White plastic blandness
Ok, Firstly, I have to admit that I don’t like white PVC trims. There …I’ve said it.
Well, thats not true either, Its ok about 20% of the time. The other 80% it just looks like a cross between a nursing home and something a 5yr old would make at ‘art day, with your new best friend, glue!’. For a tooth analogy they are the ‘Veneers’ of buildings.
If they arent maintained well enough they then go all green and black with dirt and mold. (Repeat: It needs to be cleaned once a year, it needs to be clea…) I’m sure you will notice many a white uPVC fascia or soffit board covered in green or black moldy colours, or perhaps just the fact that you can often see more white downpipes on a modern residential house facade than you can shake a stick at. If there are going to be lots of downpipes can they at least be SUBTLE in their appearance? Or how about the tiny canopy over a doorway or pitched roof on a small shed that has an over-sized roof buildup with chunky white uPVC eaves detail ? maybe like this below
All that for a couple of roof tiles?…
It reminds me of Dumbo, or Simon Cowells Veneers…or something with wings…
In any case they often look bad. An eaves treatment is a simple detail but it is one that seems to be overlooked much of the time or designed with the premise that we humans dont actually have eyes on the front of our faces!!
Check these out below.
Pretty terrible stuff! How can the canopy be left like this? The fascia pieces don’t fit. The white sloping eaves piece doesnt even meet the front fascia correctly, a narrow ‘in-between’ piece is stuck in the middle as marked on the picture, and even this doesn’t fit correctly. No attempt to hide this poor workmanship. But its not just here. I see it day in day out. It seems to be the norm to just let it like this, I’m just not really sure why.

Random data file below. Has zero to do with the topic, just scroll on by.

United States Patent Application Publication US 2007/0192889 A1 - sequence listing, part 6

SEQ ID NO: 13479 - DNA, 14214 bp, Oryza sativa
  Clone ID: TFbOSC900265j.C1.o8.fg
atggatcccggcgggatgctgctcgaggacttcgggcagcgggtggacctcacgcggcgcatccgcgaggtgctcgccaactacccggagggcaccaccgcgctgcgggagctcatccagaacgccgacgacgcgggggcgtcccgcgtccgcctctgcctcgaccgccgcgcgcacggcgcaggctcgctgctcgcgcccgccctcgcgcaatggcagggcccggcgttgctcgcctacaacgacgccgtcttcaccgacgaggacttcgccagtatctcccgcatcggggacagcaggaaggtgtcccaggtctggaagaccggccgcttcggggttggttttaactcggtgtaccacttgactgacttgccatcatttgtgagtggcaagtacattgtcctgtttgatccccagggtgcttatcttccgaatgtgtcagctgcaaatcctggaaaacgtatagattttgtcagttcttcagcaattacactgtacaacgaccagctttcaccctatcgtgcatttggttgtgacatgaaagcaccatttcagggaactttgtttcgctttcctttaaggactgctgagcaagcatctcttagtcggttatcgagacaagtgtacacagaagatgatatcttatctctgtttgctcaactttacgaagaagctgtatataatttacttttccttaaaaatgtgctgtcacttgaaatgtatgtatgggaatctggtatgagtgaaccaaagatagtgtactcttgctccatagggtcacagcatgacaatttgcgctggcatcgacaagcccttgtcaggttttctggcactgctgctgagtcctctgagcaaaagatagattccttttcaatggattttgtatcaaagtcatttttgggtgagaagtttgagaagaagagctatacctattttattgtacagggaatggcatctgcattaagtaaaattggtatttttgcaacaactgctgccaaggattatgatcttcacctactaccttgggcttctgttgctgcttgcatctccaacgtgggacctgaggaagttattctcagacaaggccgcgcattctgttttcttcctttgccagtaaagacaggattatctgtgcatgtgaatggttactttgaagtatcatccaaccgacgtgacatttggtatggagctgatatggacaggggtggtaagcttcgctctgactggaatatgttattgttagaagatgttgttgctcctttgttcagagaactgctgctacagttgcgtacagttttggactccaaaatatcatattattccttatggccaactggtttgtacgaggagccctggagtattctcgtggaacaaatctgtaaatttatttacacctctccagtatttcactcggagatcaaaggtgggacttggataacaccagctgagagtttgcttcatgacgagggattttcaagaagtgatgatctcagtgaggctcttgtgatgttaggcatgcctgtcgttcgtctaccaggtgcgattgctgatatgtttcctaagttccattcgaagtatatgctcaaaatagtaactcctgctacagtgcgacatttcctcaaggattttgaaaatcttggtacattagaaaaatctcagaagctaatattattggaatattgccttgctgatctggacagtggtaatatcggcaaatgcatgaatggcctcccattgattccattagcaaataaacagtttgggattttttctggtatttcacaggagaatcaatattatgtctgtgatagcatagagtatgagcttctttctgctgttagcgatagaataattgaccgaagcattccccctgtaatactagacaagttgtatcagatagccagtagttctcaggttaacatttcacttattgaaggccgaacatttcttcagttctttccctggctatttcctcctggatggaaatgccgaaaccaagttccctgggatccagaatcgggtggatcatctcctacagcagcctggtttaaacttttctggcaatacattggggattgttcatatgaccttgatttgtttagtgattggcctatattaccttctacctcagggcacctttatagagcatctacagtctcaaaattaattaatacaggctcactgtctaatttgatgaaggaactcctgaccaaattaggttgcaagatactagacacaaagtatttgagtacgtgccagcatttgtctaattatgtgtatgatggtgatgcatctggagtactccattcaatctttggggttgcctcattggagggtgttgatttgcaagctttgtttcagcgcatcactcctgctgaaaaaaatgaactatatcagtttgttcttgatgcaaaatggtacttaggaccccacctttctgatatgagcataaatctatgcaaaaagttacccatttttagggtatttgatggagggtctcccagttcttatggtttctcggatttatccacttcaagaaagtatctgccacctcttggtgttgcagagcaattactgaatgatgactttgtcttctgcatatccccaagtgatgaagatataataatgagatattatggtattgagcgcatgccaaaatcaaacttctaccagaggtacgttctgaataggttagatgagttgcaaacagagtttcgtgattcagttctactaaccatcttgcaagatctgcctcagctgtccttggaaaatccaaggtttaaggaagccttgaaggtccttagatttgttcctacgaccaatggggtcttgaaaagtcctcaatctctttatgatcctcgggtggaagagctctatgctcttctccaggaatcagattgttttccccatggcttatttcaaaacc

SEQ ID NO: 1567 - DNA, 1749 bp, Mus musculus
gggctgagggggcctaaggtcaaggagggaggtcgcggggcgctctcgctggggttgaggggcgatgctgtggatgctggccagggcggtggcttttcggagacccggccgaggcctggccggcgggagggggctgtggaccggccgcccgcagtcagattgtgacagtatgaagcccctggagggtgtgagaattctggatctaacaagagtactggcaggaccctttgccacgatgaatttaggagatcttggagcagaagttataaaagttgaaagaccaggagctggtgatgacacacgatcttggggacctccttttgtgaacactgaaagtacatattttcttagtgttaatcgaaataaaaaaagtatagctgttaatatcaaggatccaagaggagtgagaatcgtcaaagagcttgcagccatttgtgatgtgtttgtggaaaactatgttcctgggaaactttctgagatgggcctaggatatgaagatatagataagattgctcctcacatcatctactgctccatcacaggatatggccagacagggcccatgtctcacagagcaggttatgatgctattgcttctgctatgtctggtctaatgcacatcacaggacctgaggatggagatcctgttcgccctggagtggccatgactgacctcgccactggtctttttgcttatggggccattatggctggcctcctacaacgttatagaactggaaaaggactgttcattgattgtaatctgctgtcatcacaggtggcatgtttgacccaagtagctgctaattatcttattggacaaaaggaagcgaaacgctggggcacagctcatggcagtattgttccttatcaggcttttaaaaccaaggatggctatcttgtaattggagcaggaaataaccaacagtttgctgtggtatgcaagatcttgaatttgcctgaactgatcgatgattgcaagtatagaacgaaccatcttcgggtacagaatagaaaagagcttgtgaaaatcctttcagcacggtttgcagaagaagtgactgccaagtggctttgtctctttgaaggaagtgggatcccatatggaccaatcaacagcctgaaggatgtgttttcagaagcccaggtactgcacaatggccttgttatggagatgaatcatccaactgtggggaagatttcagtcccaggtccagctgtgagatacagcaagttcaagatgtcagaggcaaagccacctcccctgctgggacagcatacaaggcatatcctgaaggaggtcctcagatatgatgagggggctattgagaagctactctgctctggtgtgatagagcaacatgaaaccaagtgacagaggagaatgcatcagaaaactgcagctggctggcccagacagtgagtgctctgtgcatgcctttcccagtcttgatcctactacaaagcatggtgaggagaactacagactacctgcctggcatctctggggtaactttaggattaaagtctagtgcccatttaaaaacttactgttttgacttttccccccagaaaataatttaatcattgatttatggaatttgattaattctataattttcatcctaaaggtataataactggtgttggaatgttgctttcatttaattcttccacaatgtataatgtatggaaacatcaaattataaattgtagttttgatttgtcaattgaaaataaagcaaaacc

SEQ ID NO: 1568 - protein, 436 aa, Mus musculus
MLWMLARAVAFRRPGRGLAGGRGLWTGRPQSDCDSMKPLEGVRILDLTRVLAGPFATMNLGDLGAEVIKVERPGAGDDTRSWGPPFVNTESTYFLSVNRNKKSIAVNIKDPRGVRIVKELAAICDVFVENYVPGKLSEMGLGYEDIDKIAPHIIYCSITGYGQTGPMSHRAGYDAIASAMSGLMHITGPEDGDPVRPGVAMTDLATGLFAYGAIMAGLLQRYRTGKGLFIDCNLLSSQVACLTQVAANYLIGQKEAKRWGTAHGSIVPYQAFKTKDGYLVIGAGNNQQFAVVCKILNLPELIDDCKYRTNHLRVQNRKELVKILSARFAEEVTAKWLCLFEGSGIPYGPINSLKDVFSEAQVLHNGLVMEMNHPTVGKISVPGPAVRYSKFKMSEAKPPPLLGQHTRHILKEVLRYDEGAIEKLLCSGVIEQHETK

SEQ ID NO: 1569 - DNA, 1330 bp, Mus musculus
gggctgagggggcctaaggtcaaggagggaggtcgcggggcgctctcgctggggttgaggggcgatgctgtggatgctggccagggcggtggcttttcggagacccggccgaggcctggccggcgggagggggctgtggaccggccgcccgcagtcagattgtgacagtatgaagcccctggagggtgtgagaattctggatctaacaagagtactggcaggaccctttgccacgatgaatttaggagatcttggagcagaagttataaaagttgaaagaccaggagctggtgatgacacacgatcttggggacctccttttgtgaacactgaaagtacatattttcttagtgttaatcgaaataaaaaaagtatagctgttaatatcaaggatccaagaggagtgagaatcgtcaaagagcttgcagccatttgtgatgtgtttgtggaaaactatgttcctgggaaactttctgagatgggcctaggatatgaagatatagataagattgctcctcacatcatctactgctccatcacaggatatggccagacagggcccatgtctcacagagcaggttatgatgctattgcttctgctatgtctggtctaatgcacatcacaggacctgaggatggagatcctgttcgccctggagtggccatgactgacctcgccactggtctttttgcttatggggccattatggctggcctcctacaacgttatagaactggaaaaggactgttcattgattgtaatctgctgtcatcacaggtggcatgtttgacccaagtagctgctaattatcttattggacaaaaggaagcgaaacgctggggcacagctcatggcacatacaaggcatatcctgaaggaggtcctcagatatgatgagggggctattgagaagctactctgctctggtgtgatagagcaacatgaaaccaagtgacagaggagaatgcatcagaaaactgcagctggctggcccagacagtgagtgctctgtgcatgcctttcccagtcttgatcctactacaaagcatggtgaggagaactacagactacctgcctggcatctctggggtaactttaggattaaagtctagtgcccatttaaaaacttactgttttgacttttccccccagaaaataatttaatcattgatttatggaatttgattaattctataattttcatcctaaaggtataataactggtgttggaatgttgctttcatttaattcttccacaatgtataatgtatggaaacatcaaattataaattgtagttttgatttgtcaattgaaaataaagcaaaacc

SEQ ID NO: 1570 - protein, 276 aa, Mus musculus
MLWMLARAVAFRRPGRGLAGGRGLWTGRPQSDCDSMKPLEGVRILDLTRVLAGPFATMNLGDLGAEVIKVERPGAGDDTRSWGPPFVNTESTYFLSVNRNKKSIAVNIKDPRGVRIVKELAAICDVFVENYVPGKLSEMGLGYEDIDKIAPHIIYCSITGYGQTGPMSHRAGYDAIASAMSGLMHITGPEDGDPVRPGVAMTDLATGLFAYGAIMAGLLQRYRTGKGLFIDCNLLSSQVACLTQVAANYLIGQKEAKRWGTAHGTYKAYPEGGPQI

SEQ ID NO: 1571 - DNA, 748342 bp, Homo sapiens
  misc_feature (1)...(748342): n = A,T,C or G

Next up is this puzzle. Drainage style.
Slightly deceptive angle on this but the problem here firstly is the short gutter below the chimney at the top of the picture. No drainpipe was put in due to the tiny roof area covered by this little gutter so it is drained sideways onto the adjacent roof. It looks like it is draining upwards but this is simply an illusion due to the angle of this picture.
At least a gutter is provided here but it still doesn’t look the prettiest as a solution. Surely the extra roof bit to the side of the chimney could have been redesigned and I wonder if it was neccessary for the gutter at all. This little pointless bit of roof at the outside edge of the house could probably have been omitted, so that the roof eaves would rise up and meet the chimney stack front on and rise around the inside and up again from the back face of the stack. rather than zig-zagging around the outside creating a need for it to be drained by a gutter .
However its not as bad as this house next which has either no gutters in the first place or they were taken down at some point!
Similar situation to the house above but this one isn’t joined to another premises, but separated by a lane from the house next door in the picture. As you can see above the bit of roof around the chimney has no drainage whatsoever but check out the ugliness of whats left. It looks like a gutter was pulled down, seeing the membranes come out under the roof tiles like that. Most of the houses around had this done to them aswell, zig zag roofs around chimneys with these exposed roof eave edges.
The other thing I don’t like is, again, the joining of the PVC eave trims. From the straps that cover the edges to the pieces that join the fascias to other parts, I dislike the overall look in most cases.
Another example of the joining straps that I think look so bad.
Ok it isn’t white but its still plastic and deserves its mention here!
As you can see it doesn’t look great. (big surprise there) and usually because the boards or pieces themselves lightened over time quicker than the cover strips did. They were originally wood eave trims but after these rotted in parts they were replaced by the PVC ones which will probably age better but with less grace.
I’m probably not the only one to dislike PVC in its current uses so please, feel free to email me some pics of your own architectural nightmares whether PVC or otherwise!